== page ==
The most-used antireflection monolayer of this type is a λ/4 layer of MgF2 having a refractive index of 1.38 applied by vapor deposition. The residual reflection in this case is 1.2% at the reflection minimum. A lower refractive index cannot be achieved by means of durable, dense layers.

Porous coatings offer the possibility of further reducing the refractive index of a monolayer. Three methods are described for this purpose: etching of glass, application of a porous layer, and a combination of a porous layer and an etching process.

Glasses which are particularly suitable for etching are those which have a phase separation in the matrix, enabling a soluble phase to be dissolved out with the etchant. U.S. Pat. No. 4,019,884 describes a process for the production of an antireflection layer on borosilicate glass having a reflection of less than 2% in the wavelength range 0.4-2.0 mm by heating the borosilicate glass to a temperature of 630-660 C. for 1-10 hours in order to generate a stable surface by phase separation, followed by treatment with hydrofluoric acid for 1-4 hours at 630-660 C. This process has the disadvantage of the use of hydrofluoric acid and poor homogeneity of the etched layer.

U.S. Pat. No. 4,535,026 also discloses the subsequent etching of glasses which have previously been provided with a porous SiO2 layer. The coating solution used for this purpose is obtained by reaction of silicon alkoxide with water and a catalyst in alcohol. The dried gel layer is heated in order to remove organic constituents and to generate an adequate abrasion stability of the layer. A porous SiO2 layer is obtained, but a subsequent etching step is necessary in order to enlarge the pores. Ultimately, this process enables an antireflection layer having 0.1% residual reflection to be obtained.

The preparation of a coating solution which enables the production of an abrasion-stable, porous SiO2 antireflection layer which does not have to be subsequently etched has not been described hitherto. On the contrary, it is a generally accepted procedure in the production of porous antireflection layers to expose the SiO2 gel layers merely to temperatures of up to 500 C. in order to obtain the porosity of the layer and to prevent the layer sintering together, accompanied by a reduction in the pore volume. The refractive index of the layer would thus increase and the effect of the antireflection layer would be impaired (Sol Gel Science, C. J. Brinker, G. W. Scherer, Academic Press 1990, pp. 583, 631). However, heating of the gel layer at the highest possible temperatures is necessary in order to achieve good abrasion resistance of the layer through cross-linking of the orthosilicic acid network in the layer. Cathro et al. in Solar Energy 32, 1984, p. 573, describe that sufficiently wipe-resistant SiO2 antireflection layers on glass would only be obtainable by heating to at least 500 C. Moulten et al. in U.S. Pat. No. 2,601,123 even indicate that the temperature during heat treatment of the gel layer should be in the softening range of the glass. Even higher temperatures are necessary for the production of safety glass. Here, the glass must be softened at a temperature of at least 600 C., generally even 700 C., before it is toughened by a quenching process.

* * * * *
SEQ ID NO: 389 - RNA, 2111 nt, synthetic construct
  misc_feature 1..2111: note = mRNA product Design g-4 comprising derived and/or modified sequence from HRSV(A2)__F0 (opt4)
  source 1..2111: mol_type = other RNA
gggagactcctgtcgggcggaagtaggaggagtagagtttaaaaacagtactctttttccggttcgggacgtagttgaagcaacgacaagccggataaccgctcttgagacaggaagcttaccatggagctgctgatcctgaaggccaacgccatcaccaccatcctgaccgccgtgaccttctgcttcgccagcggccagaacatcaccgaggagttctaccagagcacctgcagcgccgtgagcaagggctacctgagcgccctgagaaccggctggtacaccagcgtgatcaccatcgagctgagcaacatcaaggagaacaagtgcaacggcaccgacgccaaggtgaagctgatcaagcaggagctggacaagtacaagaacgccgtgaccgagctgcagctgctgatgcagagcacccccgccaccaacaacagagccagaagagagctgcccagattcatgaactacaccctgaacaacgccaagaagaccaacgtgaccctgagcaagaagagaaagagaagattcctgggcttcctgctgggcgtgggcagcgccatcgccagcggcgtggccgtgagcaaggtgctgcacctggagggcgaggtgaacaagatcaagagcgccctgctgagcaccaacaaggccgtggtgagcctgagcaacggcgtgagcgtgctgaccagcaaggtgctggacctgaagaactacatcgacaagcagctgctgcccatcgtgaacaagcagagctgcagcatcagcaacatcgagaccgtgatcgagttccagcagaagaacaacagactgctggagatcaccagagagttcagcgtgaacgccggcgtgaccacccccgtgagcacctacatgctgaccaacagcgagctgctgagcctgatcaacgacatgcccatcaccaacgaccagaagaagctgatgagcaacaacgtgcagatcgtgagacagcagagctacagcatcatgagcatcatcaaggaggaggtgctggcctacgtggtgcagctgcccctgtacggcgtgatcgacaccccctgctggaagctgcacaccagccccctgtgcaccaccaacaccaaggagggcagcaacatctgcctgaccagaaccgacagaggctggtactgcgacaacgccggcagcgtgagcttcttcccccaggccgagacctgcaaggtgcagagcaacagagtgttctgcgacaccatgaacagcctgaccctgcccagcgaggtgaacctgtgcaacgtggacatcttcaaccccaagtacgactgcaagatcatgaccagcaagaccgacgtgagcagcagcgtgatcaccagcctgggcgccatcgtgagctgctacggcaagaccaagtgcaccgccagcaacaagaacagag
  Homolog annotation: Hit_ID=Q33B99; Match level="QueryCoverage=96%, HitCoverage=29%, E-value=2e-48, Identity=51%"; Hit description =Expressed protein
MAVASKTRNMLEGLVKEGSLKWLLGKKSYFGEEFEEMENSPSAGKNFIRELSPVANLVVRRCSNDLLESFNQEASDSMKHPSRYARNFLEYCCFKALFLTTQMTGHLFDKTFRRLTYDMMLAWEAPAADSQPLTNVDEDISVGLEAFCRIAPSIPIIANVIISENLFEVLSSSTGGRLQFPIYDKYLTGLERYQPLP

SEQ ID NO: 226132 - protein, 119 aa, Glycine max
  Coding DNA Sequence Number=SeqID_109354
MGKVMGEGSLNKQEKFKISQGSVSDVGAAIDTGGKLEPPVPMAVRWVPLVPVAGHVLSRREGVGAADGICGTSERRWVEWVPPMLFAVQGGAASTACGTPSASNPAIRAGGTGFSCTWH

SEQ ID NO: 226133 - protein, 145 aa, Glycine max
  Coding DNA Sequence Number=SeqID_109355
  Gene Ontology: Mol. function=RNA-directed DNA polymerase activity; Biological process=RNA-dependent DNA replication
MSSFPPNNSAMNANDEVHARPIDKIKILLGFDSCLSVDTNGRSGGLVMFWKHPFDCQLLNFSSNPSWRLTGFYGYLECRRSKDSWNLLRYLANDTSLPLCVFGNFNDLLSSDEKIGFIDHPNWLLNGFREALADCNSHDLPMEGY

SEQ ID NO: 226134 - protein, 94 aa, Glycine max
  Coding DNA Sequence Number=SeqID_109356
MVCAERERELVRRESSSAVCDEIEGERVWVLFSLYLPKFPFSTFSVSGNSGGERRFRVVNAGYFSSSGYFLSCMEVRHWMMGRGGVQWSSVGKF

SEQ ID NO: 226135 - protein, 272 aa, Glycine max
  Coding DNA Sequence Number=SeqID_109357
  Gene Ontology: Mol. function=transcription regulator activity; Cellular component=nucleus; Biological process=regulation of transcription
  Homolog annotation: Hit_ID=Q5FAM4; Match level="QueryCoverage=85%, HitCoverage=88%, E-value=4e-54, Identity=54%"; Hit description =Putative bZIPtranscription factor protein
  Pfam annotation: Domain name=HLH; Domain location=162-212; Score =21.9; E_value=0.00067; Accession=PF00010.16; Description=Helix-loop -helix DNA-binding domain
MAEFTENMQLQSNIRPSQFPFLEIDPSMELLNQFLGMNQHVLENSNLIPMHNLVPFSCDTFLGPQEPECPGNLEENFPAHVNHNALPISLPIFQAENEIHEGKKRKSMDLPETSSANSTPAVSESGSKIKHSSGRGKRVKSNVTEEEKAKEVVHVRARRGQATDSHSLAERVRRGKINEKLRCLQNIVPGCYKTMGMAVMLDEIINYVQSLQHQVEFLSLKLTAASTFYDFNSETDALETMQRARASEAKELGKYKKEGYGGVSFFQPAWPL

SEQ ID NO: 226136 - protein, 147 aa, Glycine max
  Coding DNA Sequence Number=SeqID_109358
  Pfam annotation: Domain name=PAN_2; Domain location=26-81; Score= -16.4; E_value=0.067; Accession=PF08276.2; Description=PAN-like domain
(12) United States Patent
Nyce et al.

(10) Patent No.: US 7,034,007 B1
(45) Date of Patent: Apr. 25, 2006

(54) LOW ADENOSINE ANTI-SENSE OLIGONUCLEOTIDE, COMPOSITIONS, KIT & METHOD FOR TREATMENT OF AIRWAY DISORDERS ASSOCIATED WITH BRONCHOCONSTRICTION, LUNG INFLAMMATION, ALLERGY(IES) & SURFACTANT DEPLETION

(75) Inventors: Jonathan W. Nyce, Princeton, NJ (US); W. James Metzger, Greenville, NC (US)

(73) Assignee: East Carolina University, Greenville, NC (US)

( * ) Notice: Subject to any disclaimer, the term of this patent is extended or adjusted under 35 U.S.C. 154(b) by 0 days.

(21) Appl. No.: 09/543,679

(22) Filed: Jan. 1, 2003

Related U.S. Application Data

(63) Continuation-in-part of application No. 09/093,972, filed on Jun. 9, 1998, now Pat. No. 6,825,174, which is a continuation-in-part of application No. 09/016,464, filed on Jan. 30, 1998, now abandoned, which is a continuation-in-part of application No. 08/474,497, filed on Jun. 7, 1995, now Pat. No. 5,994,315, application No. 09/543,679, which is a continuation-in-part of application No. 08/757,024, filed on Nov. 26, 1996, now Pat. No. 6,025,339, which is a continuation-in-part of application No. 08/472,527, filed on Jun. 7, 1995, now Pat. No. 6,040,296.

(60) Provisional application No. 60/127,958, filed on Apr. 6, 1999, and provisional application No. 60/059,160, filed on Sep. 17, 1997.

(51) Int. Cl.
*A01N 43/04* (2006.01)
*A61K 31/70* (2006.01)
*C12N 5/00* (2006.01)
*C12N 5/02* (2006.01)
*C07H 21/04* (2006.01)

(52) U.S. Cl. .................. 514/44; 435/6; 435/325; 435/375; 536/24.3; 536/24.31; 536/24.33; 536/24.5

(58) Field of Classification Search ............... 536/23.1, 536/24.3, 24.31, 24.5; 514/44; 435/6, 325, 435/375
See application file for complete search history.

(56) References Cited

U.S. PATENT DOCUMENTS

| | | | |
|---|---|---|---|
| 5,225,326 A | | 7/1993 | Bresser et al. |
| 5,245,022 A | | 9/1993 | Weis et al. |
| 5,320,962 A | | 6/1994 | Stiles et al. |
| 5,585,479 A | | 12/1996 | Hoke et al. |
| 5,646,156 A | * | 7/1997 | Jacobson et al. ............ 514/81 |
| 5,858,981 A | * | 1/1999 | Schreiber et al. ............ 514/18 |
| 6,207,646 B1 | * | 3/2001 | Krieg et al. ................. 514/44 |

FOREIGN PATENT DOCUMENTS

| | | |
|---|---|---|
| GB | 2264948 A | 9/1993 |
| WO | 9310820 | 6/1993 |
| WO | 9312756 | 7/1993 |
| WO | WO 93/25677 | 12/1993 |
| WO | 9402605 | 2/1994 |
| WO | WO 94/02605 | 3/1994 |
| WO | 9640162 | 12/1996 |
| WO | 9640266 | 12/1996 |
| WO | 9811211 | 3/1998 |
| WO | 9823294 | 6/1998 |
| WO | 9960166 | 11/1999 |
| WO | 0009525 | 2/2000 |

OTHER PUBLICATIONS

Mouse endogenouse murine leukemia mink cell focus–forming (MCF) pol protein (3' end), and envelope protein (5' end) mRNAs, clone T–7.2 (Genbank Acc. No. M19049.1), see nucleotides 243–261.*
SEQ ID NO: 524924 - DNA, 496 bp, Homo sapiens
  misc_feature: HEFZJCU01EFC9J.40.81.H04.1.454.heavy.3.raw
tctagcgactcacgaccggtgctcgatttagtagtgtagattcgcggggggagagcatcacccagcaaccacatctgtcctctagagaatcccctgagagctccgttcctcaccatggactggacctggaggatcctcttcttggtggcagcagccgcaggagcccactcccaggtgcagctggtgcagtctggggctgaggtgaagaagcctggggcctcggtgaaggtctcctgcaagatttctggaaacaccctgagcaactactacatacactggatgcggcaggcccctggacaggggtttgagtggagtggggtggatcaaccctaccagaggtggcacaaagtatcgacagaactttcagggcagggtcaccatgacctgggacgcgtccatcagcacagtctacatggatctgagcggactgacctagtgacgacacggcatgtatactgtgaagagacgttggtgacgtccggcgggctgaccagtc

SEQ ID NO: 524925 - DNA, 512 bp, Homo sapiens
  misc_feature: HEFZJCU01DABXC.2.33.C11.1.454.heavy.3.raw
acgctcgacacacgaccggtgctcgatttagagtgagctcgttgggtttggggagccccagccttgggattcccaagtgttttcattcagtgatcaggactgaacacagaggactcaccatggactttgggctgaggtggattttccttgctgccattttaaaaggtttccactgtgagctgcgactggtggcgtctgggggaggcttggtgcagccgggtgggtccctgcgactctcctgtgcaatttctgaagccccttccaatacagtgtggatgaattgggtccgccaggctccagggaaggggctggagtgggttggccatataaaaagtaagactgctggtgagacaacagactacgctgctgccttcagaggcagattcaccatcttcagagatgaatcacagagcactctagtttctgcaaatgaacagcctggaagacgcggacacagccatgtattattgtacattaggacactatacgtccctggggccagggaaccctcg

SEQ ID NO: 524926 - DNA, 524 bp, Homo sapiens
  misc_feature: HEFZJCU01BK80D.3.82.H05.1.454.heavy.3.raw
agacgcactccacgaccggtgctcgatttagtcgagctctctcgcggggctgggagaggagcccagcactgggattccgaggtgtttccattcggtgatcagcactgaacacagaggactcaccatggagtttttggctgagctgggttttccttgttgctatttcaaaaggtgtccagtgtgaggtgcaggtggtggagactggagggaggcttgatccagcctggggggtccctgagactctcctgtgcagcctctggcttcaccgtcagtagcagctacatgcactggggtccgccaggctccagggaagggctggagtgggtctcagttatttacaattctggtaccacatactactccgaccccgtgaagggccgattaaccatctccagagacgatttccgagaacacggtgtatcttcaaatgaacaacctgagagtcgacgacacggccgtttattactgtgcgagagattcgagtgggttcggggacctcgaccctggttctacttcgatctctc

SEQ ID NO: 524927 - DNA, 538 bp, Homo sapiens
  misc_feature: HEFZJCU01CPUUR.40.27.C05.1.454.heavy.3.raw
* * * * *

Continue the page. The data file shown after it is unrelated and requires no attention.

DE 198 28 231 describes a process for the deposition of porous optical layers of metal oxides on glasses, ceramics or metals. An aqueous sol or sol mixture is set to a pH of 2 using hydrochloric acid, a surfactant is added, and the mixture is applied to the substrate to be coated. The coated substrate is heat-treated at temperatures of from 100 to 550 C. The layers obtained do not have adequate abrasion resistance. In a DIN EN 1096-2 abrasion test, they exhibit considerable damage after only 10 strokes.

The invention provides a coating solution for the production of an antireflection layer having a refractive index of 1.25-1.40 which retains its porosity and does not sinter during heat treatment at temperatures above 700 C.

Thus, the invention involves an aqueous coating solution having a pH of 3 to 8, and comprising [SiOx(OH)y]n particles, wherein 0<y<4, 0<x<2 and n is an integer, having a particle size of from 10 nm to 60 nm with a tolerance of 10%, and a surfactant mixture, the particles being obtainable by hydrolytic polycondensation of tetraalkoxysilanes in an aqueous-alcoholic-ammoniacal medium at temperatures preferably between 35 C. and 80 C. with subsequent removal of ammonia and alcohol from the resultant dispersion and subsequent addition of a surfactant mixture comprising 15-30% by weight of anionic surfactants, 5-15% by weight of non-ionic surfactants and less than 5% by weight of amphoteric surfactants. In particular, the invention involves an aqueous coating solution having a pH of from 3 to 8, and comprising preferably 0.5-5.0% by weight of [SiOx(OH)y]n particles, where 0<y<4 and 0<x<2 and n is an integer, having a particle size of from 10 nm to 60 nm with a tolerance of 10%, and preferably from 0.005 to 0.5% by weight, based on the coating solution, of a surfactant mixture, the particles being obtainable by hydrolytic polycondensation of tetraalkoxysilanes in an aqueous-alcoholic-ammoniacal medium at temperatures between 35 C. and 80 C. with subsequent removal of ammonia and alcohol from the resultant dispersion preferably by steam distillation and subsequent addition of a surfactant mixture comprising 15-30% by weight of anionic surfactants, 5-15% by weight of nonionic surfactants and less than 5% by weight of amphoteric surfactants.

The solution according to the invention is surprising to the person skilled in the art since the standard work on sol-gel technology by C. J. Brinker and G. W. Scherer, Sol-Gel Science, Academic Press, 1990, page 104, FIG. 5, discloses that the PZC (point of zero charge) and IEP (isoelectric point) of SiO2 particles is zero, and thus the stability of the sol is at its greatest, at a pH of 2. it was therefore unexpected that the sol still has adequate stability at a pH of greater than 3.